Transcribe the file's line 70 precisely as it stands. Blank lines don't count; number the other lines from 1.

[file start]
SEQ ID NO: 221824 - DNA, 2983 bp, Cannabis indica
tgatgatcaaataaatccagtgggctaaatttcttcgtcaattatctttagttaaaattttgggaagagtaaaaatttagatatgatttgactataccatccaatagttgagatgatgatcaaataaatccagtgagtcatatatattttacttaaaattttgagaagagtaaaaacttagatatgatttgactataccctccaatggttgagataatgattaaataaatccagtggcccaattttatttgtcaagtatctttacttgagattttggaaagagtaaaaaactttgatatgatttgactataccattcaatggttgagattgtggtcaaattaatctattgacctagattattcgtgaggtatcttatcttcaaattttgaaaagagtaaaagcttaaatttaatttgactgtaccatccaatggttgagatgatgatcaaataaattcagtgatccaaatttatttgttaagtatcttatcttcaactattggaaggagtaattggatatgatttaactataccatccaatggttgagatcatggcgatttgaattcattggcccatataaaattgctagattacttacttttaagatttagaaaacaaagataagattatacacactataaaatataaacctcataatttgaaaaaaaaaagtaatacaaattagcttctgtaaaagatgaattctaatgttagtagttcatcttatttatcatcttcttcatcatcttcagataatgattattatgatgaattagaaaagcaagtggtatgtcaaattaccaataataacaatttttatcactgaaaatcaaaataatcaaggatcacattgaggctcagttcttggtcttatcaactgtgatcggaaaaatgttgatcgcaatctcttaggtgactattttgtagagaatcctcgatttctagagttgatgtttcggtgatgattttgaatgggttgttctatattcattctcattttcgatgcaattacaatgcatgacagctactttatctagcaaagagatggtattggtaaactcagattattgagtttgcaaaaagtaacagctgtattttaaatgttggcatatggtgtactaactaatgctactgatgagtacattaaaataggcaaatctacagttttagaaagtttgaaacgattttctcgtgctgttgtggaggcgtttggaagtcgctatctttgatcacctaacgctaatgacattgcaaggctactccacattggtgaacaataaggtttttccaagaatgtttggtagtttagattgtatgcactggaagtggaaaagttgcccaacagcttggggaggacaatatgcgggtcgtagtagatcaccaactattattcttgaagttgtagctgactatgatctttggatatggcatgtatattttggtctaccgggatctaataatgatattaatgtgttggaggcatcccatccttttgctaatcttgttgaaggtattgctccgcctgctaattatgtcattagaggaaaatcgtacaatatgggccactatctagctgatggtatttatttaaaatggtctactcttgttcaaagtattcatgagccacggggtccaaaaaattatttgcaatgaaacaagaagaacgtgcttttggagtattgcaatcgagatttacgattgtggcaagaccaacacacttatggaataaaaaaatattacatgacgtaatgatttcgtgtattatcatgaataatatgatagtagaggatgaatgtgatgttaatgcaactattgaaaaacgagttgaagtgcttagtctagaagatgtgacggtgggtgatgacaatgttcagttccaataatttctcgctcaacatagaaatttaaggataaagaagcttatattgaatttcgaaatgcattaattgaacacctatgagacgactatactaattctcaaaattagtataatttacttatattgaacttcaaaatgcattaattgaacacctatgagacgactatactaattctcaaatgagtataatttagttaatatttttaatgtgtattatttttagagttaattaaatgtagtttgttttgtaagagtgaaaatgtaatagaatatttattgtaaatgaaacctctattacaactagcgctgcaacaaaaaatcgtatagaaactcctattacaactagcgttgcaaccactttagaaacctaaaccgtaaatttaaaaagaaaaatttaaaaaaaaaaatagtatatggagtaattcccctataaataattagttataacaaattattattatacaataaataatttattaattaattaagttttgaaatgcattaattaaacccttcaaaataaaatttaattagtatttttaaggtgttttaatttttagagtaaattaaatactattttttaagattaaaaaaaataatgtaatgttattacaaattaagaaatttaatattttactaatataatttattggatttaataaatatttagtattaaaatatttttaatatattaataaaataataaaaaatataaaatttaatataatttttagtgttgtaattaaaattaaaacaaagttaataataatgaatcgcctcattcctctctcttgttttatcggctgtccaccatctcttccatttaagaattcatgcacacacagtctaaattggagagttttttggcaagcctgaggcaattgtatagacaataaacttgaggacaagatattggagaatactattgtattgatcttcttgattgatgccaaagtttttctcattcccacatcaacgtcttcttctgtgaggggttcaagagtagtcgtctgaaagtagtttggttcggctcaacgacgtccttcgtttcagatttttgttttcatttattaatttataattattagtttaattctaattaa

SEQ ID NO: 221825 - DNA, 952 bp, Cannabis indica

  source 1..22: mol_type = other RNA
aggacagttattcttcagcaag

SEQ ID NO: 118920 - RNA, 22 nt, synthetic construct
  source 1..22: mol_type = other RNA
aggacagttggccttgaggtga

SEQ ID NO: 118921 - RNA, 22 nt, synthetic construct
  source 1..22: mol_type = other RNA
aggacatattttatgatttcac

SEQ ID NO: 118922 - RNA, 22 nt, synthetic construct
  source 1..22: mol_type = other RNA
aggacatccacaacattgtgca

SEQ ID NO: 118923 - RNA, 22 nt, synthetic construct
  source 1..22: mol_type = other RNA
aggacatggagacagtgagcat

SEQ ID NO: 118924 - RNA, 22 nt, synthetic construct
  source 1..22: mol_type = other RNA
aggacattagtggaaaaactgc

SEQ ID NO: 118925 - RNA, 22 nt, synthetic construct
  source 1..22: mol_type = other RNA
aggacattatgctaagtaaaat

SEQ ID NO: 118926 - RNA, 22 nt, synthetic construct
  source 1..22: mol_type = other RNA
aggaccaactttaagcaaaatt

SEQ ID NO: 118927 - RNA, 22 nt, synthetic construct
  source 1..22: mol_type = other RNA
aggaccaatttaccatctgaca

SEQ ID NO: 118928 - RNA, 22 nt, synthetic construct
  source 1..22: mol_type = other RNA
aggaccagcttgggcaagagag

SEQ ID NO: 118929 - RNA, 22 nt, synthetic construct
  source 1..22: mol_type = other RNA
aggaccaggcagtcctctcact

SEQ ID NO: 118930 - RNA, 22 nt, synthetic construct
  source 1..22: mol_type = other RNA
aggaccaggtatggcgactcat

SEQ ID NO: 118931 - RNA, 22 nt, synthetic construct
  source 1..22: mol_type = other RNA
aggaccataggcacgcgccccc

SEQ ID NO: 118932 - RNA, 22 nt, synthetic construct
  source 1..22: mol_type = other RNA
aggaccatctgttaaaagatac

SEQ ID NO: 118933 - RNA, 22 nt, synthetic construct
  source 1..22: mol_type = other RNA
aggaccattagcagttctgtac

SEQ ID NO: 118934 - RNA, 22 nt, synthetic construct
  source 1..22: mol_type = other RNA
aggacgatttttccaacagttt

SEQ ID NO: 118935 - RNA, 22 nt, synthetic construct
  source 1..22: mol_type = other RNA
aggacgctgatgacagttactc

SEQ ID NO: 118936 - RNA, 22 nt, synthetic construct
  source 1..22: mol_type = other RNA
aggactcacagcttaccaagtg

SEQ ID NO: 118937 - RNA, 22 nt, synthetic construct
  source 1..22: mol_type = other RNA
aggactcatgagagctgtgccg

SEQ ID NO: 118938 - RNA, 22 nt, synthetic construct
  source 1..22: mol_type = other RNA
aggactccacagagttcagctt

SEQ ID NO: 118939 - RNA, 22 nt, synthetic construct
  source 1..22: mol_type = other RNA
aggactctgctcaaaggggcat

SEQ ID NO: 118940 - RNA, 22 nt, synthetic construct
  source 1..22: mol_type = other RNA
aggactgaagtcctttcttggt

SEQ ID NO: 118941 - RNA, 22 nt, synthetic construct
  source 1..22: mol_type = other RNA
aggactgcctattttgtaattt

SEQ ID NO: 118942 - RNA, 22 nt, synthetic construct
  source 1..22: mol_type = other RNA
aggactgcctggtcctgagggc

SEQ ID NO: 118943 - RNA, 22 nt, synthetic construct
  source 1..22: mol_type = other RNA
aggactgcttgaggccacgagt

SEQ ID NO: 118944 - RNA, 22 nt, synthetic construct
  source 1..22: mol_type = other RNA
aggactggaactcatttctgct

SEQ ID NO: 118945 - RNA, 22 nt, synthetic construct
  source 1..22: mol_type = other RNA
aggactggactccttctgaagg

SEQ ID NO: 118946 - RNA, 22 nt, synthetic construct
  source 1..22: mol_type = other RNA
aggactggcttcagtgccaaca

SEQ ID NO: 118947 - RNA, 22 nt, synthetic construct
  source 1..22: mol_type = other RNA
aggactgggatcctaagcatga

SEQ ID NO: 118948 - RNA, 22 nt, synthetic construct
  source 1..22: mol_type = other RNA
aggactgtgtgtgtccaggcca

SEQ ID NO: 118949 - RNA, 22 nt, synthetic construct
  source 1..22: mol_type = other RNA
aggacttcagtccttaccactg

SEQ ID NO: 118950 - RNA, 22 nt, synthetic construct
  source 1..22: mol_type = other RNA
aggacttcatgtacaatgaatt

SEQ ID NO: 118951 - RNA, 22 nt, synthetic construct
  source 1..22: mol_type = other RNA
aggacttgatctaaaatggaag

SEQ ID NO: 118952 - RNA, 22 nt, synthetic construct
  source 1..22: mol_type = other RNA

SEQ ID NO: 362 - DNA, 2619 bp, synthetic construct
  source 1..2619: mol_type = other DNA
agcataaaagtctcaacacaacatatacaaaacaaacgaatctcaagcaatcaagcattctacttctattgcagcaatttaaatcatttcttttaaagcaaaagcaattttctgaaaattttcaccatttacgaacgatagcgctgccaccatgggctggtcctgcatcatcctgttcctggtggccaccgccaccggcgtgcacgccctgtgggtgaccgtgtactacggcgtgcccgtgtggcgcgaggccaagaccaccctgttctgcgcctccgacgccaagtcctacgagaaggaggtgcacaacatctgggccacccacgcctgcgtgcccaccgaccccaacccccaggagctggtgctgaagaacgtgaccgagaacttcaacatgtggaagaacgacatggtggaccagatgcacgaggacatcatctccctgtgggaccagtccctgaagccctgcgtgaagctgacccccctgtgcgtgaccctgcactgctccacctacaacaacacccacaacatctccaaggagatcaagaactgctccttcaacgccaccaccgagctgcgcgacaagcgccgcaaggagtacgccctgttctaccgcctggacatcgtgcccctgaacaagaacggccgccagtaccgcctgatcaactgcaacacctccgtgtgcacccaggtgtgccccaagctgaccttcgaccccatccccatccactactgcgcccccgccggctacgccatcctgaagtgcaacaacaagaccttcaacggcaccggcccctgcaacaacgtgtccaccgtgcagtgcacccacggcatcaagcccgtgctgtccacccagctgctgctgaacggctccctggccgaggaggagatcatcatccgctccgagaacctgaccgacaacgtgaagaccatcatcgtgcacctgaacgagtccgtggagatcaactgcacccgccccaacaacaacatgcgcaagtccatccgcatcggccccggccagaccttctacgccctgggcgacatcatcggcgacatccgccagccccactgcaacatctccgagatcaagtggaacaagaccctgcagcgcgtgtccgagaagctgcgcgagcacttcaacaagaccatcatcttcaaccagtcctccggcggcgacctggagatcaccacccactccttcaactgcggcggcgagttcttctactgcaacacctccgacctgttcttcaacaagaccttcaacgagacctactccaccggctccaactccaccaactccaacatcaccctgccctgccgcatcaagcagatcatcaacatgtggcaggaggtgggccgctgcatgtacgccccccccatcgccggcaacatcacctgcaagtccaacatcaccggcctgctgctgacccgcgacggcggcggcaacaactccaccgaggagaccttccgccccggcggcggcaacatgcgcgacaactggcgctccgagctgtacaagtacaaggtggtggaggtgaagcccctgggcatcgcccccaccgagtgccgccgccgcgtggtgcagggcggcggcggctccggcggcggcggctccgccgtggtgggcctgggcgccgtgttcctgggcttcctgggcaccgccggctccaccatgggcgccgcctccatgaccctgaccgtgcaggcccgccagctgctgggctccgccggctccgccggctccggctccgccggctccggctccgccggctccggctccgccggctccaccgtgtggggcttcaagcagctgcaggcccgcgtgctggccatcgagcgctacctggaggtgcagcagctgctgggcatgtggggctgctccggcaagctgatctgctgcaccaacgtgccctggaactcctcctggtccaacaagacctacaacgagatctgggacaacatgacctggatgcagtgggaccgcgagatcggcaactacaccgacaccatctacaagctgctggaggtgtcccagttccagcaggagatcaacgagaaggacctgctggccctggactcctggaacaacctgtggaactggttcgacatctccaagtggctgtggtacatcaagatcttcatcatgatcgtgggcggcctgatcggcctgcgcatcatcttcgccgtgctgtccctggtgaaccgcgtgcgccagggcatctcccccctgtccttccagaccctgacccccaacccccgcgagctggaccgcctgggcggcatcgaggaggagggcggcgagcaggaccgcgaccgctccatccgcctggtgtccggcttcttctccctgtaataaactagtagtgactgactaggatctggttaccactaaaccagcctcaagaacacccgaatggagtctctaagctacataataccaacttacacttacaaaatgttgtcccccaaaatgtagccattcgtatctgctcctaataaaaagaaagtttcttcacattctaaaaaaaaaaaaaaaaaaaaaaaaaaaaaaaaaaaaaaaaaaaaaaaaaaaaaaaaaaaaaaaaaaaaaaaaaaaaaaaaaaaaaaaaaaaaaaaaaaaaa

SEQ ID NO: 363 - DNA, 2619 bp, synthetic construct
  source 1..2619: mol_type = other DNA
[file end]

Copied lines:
  source 1..22: mol_type = other RNA